Prohibition began in Michigan on May 1, 1918. Detroit was the first city with a population over a quarter of a million to have a prohibition law. The Purples had an advantage in the rum-running business because of Detroit’s proximity to Canada, which had its own prohibition legislation, but allowed the export of spirits. Thus was born the quaint "Little Jewish Navy" consisting of a fleet of a dozen fast boats that hauled Canadian booze across the Detroit River to the city, and beyond. Jealousies, egos, and internecine quarrels and killings led to the self-destruction of the Purples. (Paul R. Kavieff. The Purple Gang: Organized Crime in Detroit, 1910-1945, 2000)
Historian Humbert S. Nelli noted that the Atlantic City Confab congregated to "participate in the scramble for wealth made possible by the enactment of the Eighteenth Amendment." Given the ethnic prejudices of the period, the forging of an Italian-Jewish alliance was probably the most unique episode in American organized crime. The Italians and the Jews "spoke" the same language. Common childhood experiences of privation and exclusion overrode obvious ethnic differences. That alliance was in Albert Fried’s view (The Rise and Fall of the Jewish Gangster in America, 1980) the inevitable product of sharing the worst kind of lower-class, immigrant environment. He continues, "Italians and Jews, both, were equally barbarous, each representing the lowest level of abomination to which gangsterism in America had sunk." That environment produced a number of cold-blooded hired killers, the most obvious Murder, Inc., of the 1930s, composed of Jewish and Italian hitmen.
There was, to be sure, dissension in the ranks; some of Lucky Luciano’s and Frank Costello’s comrades did not appreciate their coziness with persons outside the closed-lipped, exclusive paesano group. Such relationships verged on betrayal of their strict criminal code. (Costello married his Jewish childhood sweetheart.) Vito Genovese was in particular vehement in his utter disgust: "What are you trying to do, load us with a bunch of Hebes?" The buddy trio of Meyer Lansky, Bugsy Siegel, and Lucky Luciano was said to be the tightest friendships in American crime circles.
According to Luciano (in his purported memoirs) Dutch Schultz expressed interest in Catholicism. "And then I’ll be damned," Charley Lucky remarked, "if he [Schultz] didn’t start to talk about the Catholic religion. He wanted to know what it was like to be a Catholic, whether Vito Genovese and me ever went to confession, if we knew what you had to do to switch to Catholicism from being a Jew. What’s funny is when I started hanging around Jews like Meyer and Bugsy and Dutch, the old guys Masseria and Maranzano and lots of my friends used to beef to me about it. Someday, they said, the Jews are gonna make me join a synagogue. So what happens? It ain’t me that gets turned. It’s the Dutchman."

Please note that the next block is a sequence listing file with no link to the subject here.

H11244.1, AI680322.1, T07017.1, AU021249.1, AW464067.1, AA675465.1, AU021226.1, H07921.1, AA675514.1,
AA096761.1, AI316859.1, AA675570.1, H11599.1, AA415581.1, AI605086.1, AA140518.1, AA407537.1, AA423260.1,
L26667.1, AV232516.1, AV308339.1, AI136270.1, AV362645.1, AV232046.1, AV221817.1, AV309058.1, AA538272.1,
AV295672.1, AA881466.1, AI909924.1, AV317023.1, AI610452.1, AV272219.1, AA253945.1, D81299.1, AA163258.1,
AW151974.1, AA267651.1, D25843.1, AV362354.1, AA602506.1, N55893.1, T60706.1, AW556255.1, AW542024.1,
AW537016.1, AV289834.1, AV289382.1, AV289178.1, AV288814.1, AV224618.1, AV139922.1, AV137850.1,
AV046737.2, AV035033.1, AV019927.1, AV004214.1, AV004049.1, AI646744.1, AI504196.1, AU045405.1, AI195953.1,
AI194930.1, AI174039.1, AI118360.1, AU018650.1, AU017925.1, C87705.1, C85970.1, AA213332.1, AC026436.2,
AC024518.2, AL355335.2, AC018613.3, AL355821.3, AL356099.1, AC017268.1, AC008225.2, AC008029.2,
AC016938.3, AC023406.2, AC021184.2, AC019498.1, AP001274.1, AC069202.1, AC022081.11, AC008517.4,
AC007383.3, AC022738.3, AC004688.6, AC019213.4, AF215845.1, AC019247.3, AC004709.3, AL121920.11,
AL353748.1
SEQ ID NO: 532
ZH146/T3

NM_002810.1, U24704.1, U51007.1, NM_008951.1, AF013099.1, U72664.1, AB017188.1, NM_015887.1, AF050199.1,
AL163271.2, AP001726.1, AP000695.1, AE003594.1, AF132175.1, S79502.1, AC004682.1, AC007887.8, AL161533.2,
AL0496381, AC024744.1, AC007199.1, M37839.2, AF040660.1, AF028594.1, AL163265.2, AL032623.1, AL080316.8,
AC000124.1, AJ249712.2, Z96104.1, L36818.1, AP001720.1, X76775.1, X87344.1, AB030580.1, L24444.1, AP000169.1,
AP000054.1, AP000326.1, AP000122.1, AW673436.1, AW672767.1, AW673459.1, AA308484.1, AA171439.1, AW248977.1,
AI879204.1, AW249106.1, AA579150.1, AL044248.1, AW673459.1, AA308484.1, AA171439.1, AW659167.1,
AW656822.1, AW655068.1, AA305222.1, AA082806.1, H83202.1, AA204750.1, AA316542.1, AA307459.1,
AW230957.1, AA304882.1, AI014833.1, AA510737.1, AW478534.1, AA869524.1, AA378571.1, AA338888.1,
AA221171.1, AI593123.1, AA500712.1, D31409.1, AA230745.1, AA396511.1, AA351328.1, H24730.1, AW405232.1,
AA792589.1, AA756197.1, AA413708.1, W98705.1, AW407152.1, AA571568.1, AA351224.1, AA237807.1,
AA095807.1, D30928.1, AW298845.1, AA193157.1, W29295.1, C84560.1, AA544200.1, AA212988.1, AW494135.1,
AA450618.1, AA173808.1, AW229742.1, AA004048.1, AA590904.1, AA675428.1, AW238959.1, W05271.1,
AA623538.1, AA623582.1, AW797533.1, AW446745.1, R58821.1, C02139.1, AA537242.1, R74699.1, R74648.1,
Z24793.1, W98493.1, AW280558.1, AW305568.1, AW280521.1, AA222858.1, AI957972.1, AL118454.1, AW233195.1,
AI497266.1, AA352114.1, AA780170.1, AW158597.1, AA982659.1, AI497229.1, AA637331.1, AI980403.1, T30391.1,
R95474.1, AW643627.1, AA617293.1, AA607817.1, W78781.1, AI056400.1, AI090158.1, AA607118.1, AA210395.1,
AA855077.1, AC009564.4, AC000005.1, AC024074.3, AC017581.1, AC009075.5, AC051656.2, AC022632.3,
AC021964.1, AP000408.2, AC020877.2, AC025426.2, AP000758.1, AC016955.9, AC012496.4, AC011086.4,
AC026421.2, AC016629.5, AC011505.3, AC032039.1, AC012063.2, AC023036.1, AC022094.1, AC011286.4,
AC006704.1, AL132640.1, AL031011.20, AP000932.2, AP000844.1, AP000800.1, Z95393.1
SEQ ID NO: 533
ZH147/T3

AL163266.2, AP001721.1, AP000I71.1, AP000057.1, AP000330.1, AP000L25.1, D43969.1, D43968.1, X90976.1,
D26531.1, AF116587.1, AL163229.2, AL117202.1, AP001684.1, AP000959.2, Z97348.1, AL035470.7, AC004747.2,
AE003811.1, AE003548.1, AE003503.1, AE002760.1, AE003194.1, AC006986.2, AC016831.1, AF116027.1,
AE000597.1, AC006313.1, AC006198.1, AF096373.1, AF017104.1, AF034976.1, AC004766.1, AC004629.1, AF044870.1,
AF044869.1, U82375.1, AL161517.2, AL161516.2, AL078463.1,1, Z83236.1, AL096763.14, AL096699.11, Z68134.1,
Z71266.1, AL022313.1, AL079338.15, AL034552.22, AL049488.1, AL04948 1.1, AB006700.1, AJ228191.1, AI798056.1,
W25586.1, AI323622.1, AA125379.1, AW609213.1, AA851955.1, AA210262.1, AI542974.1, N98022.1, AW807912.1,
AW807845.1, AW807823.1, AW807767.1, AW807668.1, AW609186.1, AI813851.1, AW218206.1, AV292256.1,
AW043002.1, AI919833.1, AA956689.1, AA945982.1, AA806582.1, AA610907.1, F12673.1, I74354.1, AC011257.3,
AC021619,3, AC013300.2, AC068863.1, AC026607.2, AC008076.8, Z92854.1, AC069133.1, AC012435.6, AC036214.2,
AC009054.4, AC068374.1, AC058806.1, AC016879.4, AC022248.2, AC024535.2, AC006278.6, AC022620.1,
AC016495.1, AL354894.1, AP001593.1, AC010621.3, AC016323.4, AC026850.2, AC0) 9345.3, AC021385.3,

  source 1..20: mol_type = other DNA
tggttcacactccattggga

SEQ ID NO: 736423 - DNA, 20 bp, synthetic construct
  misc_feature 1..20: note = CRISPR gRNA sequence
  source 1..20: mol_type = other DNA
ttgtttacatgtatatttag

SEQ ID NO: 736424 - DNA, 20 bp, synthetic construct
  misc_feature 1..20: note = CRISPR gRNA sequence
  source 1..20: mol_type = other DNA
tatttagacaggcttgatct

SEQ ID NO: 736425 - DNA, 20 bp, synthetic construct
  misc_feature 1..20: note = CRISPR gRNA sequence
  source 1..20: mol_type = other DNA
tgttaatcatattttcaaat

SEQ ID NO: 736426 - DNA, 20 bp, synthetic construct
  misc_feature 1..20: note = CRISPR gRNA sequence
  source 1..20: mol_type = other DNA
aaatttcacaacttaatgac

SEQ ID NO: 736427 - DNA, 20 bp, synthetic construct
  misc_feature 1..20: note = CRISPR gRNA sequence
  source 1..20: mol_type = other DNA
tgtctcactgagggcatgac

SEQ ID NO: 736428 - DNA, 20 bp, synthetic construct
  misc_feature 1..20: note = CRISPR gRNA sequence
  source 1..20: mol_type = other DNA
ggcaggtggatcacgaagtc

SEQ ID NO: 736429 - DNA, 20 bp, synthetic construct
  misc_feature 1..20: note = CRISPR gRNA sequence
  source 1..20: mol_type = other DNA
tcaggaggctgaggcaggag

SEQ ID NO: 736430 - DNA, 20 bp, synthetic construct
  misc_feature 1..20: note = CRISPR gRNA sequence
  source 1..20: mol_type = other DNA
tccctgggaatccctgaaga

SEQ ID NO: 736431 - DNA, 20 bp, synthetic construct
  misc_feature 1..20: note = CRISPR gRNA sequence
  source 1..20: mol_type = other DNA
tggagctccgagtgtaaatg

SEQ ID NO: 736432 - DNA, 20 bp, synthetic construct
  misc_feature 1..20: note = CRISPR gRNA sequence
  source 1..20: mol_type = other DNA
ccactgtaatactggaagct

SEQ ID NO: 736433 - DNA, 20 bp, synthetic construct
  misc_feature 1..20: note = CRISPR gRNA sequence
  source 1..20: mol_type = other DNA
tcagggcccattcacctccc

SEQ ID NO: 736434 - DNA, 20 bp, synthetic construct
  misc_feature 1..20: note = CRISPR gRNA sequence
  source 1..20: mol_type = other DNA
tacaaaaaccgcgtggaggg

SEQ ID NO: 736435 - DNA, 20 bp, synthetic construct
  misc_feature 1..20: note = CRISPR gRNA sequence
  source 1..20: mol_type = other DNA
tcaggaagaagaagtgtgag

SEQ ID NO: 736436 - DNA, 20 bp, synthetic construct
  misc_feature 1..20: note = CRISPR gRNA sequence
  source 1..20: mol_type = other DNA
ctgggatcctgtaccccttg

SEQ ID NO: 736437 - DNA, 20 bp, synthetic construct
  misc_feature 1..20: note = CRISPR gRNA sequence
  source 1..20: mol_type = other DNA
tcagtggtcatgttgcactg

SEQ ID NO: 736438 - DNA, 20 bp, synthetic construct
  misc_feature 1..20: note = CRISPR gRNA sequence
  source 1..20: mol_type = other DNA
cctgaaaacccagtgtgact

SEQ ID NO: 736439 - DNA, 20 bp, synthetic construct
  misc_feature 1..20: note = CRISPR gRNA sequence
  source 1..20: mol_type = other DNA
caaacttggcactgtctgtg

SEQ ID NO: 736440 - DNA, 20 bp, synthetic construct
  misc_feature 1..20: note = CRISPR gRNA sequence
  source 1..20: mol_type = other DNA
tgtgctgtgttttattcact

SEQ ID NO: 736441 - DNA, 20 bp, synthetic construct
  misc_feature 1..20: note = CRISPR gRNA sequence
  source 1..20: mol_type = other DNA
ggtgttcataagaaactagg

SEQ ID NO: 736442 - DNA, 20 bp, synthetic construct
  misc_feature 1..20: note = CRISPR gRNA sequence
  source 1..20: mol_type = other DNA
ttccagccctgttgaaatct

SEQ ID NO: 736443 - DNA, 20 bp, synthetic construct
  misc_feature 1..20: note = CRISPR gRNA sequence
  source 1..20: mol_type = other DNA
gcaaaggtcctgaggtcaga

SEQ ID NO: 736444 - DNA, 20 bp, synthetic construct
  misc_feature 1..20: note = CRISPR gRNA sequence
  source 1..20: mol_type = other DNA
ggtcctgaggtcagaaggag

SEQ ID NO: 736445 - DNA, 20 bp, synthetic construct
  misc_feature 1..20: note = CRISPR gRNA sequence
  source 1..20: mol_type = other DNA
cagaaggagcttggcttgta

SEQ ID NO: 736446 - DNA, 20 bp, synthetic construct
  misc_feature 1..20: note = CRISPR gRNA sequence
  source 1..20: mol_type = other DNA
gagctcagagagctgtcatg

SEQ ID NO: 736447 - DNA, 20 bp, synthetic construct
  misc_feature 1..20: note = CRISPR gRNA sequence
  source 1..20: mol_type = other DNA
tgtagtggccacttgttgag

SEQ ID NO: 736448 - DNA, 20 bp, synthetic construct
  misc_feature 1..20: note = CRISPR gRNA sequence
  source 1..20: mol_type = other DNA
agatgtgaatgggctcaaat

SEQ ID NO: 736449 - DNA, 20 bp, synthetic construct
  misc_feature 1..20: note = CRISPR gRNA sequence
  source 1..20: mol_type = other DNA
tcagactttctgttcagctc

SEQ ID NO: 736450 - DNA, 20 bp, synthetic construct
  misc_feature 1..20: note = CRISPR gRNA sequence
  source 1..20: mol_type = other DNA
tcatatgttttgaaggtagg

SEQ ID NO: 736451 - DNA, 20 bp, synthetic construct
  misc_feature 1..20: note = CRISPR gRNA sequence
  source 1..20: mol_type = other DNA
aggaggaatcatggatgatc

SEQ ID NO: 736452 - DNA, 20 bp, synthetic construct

New York’s 1930s crimebuster Thomas Dewey perceptively noted the transition of the untutored and unwashed street gangs of the early Kosher Nostra years to their modern counterparts. Dewey: "Only in the cruder and more primitive rackets are violence and threats still necessary or the shakedown plain and brazen. Legal means are customarily used to achieve illegal objectives. A well-devised cloak of respectability and legitimacy is generally present. The innuendo and veiled threat are sufficient to exact payment." (Fried, 1980) (Why not the silk glove rather than the iron fist?) This statement could have been as easily composed in our contemporary era, specifically as an introduction to the life and times of the suave superboss and fixer Sidney Korshak.
Sid Korshak became counsel to large corporations and an associate of important political figures. He was a major player in Jimmy Hoffa’s Teamsters Union and was senior advisor to organized-crime groups in California, Nevada, Chicago, and New York. Korshak was a powerful presence on the Hollywood movie scene. According to the FBI, the "fixer" was an "enigmatic player behind countless 20th century mergers, political deals, and organized crime chicaneries. He was the primary link between the underworld and the corporate overworld."
Gus Russo’s biography of Korshak (Supermob, 2006) speaks of the sophistication of the modern Kosher Nostra where dirty deeds were replaced by manicured fingernails and legalese. Brains were stressed over brawn, with emphasis on "evolving into a real estate powerhouse, an organized-labor autocracy." Through the cumulative effects of power and the power brokers in various sectors of the political economy, the Supermob can deftly sow corruption through "methodically nurtured political ties." The Supermob effectively insulated itself from prosecution.
Sid Korshak represented the modern-day stereotype of the influence peddler, and a functioning link between racketeers and corporate America. His weapon was not the gun or goon but the telephone and Rolodex, which he wielded with great dexterity. A contemporary and pupil of Meyer Lansky, he rose out of the Chicago Jewish neighborhoods with the help of the Capone mob. Korshak’s law practice brought him into contact with many infamous characters and racketeering businessmen. As early as the 1930s, he legally represented local gangsters, exerted influence in union affairs while fixing public officials and negotiated sweetheart deals with employers. Once settled in Los Angeles, Korshak became part of the system that channeled Teamster money to various investment opportunities, especially to the nascent La Vegas mob-controlled casinos, where the art of "skimming" profits became perfected. As a mediator, working both sides of the street, he earned the reputation as a brilliant negotiator, a sophisticated racketeer who lived in the shadows, thereby leaving an ambiguous trail that investigators could not follow to conclusion. Nothing stuck to this Teflon superboss.